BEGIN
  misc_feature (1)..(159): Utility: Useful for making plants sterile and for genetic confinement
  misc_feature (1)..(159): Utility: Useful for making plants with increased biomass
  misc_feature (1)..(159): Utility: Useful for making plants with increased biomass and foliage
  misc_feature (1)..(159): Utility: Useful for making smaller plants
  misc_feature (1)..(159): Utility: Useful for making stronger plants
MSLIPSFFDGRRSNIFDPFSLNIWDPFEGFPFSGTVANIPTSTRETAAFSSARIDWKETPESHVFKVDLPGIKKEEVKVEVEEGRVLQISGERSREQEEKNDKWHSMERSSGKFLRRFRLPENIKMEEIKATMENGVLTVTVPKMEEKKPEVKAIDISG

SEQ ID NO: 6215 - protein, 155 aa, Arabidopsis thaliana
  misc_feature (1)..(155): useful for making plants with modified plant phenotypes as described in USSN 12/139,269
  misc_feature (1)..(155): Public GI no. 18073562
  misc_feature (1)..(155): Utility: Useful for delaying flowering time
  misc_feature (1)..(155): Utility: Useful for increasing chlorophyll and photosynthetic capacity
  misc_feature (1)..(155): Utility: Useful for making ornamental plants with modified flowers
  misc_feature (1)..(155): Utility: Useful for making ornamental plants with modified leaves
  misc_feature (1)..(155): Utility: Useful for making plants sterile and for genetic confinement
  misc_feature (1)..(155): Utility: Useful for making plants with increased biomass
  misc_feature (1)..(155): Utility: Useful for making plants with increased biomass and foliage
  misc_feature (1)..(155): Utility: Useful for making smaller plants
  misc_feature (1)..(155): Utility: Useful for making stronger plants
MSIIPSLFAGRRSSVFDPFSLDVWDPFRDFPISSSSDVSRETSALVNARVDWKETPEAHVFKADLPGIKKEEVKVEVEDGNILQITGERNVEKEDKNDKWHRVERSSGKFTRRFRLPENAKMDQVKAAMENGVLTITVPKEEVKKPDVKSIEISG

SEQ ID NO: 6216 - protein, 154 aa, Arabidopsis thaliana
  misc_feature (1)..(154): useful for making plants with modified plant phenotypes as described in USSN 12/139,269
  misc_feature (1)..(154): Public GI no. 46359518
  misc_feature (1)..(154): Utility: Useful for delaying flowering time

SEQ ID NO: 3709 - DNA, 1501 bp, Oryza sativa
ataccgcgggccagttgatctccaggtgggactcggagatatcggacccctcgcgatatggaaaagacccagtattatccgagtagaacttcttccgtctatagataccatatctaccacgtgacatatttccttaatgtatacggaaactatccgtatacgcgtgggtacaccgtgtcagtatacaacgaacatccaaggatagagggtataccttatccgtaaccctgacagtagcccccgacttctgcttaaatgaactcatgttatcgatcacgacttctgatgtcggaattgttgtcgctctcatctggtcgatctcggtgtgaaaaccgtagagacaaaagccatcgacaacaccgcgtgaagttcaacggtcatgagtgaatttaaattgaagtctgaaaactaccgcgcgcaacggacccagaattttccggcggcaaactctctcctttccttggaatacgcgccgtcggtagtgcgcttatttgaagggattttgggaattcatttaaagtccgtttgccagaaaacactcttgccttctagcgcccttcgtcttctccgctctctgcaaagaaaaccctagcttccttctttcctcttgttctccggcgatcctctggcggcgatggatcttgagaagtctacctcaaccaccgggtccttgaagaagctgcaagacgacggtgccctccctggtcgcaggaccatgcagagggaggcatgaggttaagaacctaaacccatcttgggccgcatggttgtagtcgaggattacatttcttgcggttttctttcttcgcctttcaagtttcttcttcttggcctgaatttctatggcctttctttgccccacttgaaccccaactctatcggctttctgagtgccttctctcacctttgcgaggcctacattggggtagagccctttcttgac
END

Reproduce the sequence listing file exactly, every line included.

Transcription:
  misc_feature (1)..(159): Utility: Useful for making plants sterile and for genetic confinement
  misc_feature (1)..(159): Utility: Useful for making plants with increased biomass
  misc_feature (1)..(159): Utility: Useful for making plants with increased biomass and foliage
  misc_feature (1)..(159): Utility: Useful for making smaller plants
  misc_feature (1)..(159): Utility: Useful for making stronger plants
MSLIPSFFDGRRSNIFDPFSLNIWDPFEGFPFSGTVANIPTSTRETAAFSSARIDWKETPESHVFKVDLPGIKKEEVKVEVEEGRVLQISGERSREQEEKNDKWHSMERSSGKFLRRFRLPENIKMEEIKATMENGVLTVTVPKMEEKKPEVKAIDISG

SEQ ID NO: 6215 - protein, 155 aa, Arabidopsis thaliana
  misc_feature (1)..(155): useful for making plants with modified plant phenotypes as described in USSN 12/139,269
  misc_feature (1)..(155): Public GI no. 18073562
  misc_feature (1)..(155): Utility: Useful for delaying flowering time
  misc_feature (1)..(155): Utility: Useful for increasing chlorophyll and photosynthetic capacity
  misc_feature (1)..(155): Utility: Useful for making ornamental plants with modified flowers
  misc_feature (1)..(155): Utility: Useful for making ornamental plants with modified leaves
  misc_feature (1)..(155): Utility: Useful for making plants sterile and for genetic confinement
  misc_feature (1)..(155): Utility: Useful for making plants with increased biomass
  misc_feature (1)..(155): Utility: Useful for making plants with increased biomass and foliage
  misc_feature (1)..(155): Utility: Useful for making smaller plants
  misc_feature (1)..(155): Utility: Useful for making stronger plants
MSIIPSLFAGRRSSVFDPFSLDVWDPFRDFPISSSSDVSRETSALVNARVDWKETPEAHVFKADLPGIKKEEVKVEVEDGNILQITGERNVEKEDKNDKWHRVERSSGKFTRRFRLPENAKMDQVKAAMENGVLTITVPKEEVKKPDVKSIEISG

SEQ ID NO: 6216 - protein, 154 aa, Arabidopsis thaliana
  misc_feature (1)..(154): useful for making plants with modified plant phenotypes as described in USSN 12/139,269
  misc_feature (1)..(154): Public GI no. 46359518
  misc_feature (1)..(154): Utility: Useful for delaying flowering time

SEQ ID NO: 3709 - DNA, 1501 bp, Oryza sativa
ataccgcgggccagttgatctccaggtgggactcggagatatcggacccctcgcgatatggaaaagacccagtattatccgagtagaacttcttccgtctatagataccatatctaccacgtgacatatttccttaatgtatacggaaactatccgtatacgcgtgggtacaccgtgtcagtatacaacgaacatccaaggatagagggtataccttatccgtaaccctgacagtagcccccgacttctgcttaaatgaactcatgttatcgatcacgacttctgatgtcggaattgttgtcgctctcatctggtcgatctcggtgtgaaaaccgtagagacaaaagccatcgacaacaccgcgtgaagttcaacggtcatgagtgaatttaaattgaagtctgaaaactaccgcgcgcaacggacccagaattttccggcggcaaactctctcctttccttggaatacgcgccgtcggtagtgcgcttatttgaagggattttgggaattcatttaaagtccgtttgccagaaaacactcttgccttctagcgcccttcgtcttctccgctctctgcaaagaaaaccctagcttccttctttcctcttgttctccggcgatcctctggcggcgatggatcttgagaagtctacctcaaccaccgggtccttgaagaagctgcaagacgacggtgccctccctggtcgcaggaccatgcagagggaggcatgaggttaagaacctaaacccatcttgggccgcatggttgtagtcgaggattacatttcttgcggttttctttcttcgcctttcaagtttcttcttcttggcctgaatttctatggcctttctttgccccacttgaaccccaactctatcggctttctgagtgccttctctcacctttgcgaggcctacattggggtagagccctttcttgac